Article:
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SSIS File Exists Over Range of Time


SSIS File Exists Over Range of Time

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pranavmehta1978
pranavmehta1978
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File.IsReadWrite() is a better approach, IMO
Bob Weston
Bob Weston
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I have a similar situation, except the files we receive (approx 30 files) are sent more frequently. The source system is scheduled to send the files every :15 throughout the day at :00, :15, :30 and :45. The problem is, depending on the file size and load on the source server, the files can arrive anywhere in that 15 minute window.

The expectation is that we try to stay as current as possible on this data, so we're checking for and processing updates every 5 minutes. Unfortunately, about 30% of the time, we end up grabbing a file as it's being written and end up with a partial file. We copy it from our FTP/File server to our SQL server for processing. I wish the senders could do a rename on the file after it's been written, but that's not currently an option. Since FTP doesn't lock the file, the Konesan's File Watcher task doesn't do us much good as it's able to open the file at any point as the file is being written.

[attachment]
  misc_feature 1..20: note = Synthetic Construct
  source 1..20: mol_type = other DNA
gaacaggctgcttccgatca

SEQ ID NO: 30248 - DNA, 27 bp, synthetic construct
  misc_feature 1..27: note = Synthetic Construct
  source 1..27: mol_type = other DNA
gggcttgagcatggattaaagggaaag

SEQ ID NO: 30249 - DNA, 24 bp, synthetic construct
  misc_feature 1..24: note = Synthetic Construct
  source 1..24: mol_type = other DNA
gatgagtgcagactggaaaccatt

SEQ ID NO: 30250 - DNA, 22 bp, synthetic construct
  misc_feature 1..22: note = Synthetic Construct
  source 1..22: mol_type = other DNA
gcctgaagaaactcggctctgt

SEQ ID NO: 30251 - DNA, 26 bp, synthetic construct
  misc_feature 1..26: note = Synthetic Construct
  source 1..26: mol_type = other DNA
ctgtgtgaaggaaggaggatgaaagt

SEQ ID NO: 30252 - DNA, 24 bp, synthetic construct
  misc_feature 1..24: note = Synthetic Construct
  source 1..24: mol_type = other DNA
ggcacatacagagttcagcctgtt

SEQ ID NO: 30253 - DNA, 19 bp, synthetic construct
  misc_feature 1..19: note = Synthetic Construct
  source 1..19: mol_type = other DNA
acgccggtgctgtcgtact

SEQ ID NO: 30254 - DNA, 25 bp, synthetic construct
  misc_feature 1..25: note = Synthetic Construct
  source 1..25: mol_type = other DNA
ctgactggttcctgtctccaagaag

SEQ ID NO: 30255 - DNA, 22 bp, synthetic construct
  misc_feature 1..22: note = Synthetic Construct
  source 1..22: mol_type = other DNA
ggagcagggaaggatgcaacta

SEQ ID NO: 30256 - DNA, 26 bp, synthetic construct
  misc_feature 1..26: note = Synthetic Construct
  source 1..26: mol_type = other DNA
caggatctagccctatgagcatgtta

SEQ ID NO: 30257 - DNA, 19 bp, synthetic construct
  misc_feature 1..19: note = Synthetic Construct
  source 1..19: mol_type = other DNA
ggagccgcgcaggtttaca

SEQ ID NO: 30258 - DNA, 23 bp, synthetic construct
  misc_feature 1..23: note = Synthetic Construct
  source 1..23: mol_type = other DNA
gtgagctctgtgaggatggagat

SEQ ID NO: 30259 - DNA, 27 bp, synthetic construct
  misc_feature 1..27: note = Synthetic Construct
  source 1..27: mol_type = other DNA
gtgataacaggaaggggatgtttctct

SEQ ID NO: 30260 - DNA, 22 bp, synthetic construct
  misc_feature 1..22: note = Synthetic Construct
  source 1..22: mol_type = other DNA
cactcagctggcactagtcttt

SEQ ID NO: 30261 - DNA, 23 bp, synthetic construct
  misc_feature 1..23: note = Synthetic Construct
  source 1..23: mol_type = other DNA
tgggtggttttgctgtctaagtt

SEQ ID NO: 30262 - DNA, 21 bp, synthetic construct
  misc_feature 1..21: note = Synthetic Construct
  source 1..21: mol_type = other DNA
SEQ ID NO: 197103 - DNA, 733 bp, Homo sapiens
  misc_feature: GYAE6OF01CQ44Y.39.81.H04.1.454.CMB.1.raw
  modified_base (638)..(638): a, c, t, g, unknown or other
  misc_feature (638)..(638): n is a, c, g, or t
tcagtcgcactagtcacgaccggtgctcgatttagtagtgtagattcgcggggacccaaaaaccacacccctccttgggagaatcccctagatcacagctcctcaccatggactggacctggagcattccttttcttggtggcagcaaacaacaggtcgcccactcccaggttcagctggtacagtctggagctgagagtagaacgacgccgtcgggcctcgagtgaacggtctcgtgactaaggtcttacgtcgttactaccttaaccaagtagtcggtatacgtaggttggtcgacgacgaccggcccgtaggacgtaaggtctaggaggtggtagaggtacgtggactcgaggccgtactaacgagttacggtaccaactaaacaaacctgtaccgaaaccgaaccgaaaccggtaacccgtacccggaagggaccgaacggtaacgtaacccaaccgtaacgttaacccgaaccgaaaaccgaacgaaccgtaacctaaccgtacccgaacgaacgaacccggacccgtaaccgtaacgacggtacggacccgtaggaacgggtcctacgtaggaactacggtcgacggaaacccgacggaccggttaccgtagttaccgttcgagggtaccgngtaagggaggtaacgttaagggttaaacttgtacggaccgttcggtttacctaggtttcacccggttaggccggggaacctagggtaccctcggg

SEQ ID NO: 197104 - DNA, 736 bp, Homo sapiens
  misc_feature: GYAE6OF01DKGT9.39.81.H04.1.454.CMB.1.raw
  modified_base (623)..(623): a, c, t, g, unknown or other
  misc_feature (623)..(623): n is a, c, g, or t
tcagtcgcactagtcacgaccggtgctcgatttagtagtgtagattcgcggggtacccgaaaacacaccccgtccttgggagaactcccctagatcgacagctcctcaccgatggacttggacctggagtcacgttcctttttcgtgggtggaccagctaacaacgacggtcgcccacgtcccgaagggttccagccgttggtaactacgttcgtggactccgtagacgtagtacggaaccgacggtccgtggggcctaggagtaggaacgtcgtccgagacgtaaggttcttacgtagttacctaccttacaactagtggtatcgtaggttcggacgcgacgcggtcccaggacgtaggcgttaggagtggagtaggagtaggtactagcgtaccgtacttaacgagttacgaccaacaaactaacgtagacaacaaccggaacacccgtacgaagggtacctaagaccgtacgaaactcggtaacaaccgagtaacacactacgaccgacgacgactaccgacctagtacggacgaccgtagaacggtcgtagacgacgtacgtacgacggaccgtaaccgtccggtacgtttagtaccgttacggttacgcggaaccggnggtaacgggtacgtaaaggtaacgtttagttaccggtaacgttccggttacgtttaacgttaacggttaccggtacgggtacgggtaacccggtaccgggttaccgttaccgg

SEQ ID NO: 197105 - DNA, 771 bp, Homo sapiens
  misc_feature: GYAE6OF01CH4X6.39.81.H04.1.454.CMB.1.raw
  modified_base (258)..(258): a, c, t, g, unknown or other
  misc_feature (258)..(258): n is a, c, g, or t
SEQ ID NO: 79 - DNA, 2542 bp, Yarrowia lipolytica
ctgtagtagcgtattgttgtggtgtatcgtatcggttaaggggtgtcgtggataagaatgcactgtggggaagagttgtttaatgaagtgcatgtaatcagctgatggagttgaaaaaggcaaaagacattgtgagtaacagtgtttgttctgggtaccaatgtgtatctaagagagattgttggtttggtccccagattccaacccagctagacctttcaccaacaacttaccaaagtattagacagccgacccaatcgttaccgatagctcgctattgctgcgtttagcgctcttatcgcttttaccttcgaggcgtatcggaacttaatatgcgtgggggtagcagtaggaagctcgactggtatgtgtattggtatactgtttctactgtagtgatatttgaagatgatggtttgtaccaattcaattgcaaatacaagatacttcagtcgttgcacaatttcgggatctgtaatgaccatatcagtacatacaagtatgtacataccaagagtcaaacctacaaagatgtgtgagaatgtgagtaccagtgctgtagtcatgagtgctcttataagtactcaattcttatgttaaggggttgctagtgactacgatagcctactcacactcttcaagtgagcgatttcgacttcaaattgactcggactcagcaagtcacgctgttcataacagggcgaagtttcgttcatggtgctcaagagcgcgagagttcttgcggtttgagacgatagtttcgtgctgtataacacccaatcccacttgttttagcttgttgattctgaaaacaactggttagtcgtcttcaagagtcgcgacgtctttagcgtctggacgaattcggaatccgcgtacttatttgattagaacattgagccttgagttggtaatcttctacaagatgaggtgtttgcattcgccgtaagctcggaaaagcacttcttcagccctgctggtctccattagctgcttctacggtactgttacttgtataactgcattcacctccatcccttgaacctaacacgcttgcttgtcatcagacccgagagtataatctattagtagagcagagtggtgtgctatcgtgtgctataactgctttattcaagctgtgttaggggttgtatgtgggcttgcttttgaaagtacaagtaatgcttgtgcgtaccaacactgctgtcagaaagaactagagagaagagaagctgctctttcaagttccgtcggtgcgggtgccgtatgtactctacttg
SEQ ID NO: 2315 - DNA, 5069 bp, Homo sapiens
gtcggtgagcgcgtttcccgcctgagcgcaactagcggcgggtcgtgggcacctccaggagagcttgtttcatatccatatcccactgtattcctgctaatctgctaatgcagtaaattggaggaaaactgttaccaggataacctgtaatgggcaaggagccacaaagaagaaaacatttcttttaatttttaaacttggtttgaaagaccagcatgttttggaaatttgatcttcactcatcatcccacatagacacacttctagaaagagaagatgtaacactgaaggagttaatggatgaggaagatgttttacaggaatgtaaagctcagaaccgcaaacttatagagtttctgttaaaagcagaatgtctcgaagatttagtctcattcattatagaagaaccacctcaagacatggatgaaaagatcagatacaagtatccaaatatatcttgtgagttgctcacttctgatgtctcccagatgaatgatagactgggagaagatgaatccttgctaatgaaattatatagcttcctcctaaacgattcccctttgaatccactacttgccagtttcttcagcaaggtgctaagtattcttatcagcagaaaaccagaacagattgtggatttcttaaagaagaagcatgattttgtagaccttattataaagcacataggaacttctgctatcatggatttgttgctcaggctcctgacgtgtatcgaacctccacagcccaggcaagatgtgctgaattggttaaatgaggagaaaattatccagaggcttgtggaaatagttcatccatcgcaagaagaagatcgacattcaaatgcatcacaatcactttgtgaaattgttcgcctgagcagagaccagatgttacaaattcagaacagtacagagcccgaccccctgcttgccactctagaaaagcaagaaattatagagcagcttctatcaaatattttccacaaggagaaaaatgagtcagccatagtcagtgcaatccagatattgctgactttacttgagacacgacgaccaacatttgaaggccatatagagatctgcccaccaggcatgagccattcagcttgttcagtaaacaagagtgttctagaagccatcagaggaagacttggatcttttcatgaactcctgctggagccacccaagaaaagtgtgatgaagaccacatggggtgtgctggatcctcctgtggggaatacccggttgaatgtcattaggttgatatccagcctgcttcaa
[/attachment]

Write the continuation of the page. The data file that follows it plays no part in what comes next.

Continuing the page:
I'm contemplating a solution that checks the file sizes after we've robocopied the files to the SQL server to see if the file sizes match. If they do, great, if not, re-run the robocopy script and keep checking until it does.

Curious what others might do in this situation?
Welsh Corgi
Welsh Corgi
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michael.groh (3/31/2009)
It always concerns me when I see an endless loop used as a timing device. It'd seem that having a number of packages running on a server, each using an endless loop as a file watcher, might be detrimental to performance.

It's very easy to add a "Sleep" statement in the body of the loop to put the thread to sleep for a few seconds or minutes:

System.Threading.Thread.Sleep(milliseconds)

I've done the file watcher thing by putting the thread to sleep for 60000 milliseconds (one minute), and counting how many minutes have transpired before failing the task:

Dim i As int
While True
If System.IO.File.Exists(Dts.Variables("FlatFileConnection").Value.ToString)Then
Exit While
Else
System.Threading.Thread.Sleep(60000)
i += 1
'Exit after 240 minutes (4 hours):
If i > 240 Then
Exit While
End If
End If
End While


This is much simpler and more efficient code than using a DateTime variable and comparing it's value to Now(). The way the code in this article is written, Now() is called millions and millions of times in the body of the loop, while in the revised loop, the comparison is performed only once a minute, and, at most, 240 times. The revised loop achieves the same objective while requiring a lot fewer CPU cycles.


I created a DTS and a SSIS Package to check for the existence of a backup file, rename and move the file to an archive folder and a task to delete the files after a given date. It needs to have a timer and when it finds the file it loads it into a Table. That was years ago.

Does anyone have sample code to do this?

For better, quicker answers on T-SQL questions, click on the following...
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http://www.sqlservercentral.com/articles/SQLServerCentral/66909/
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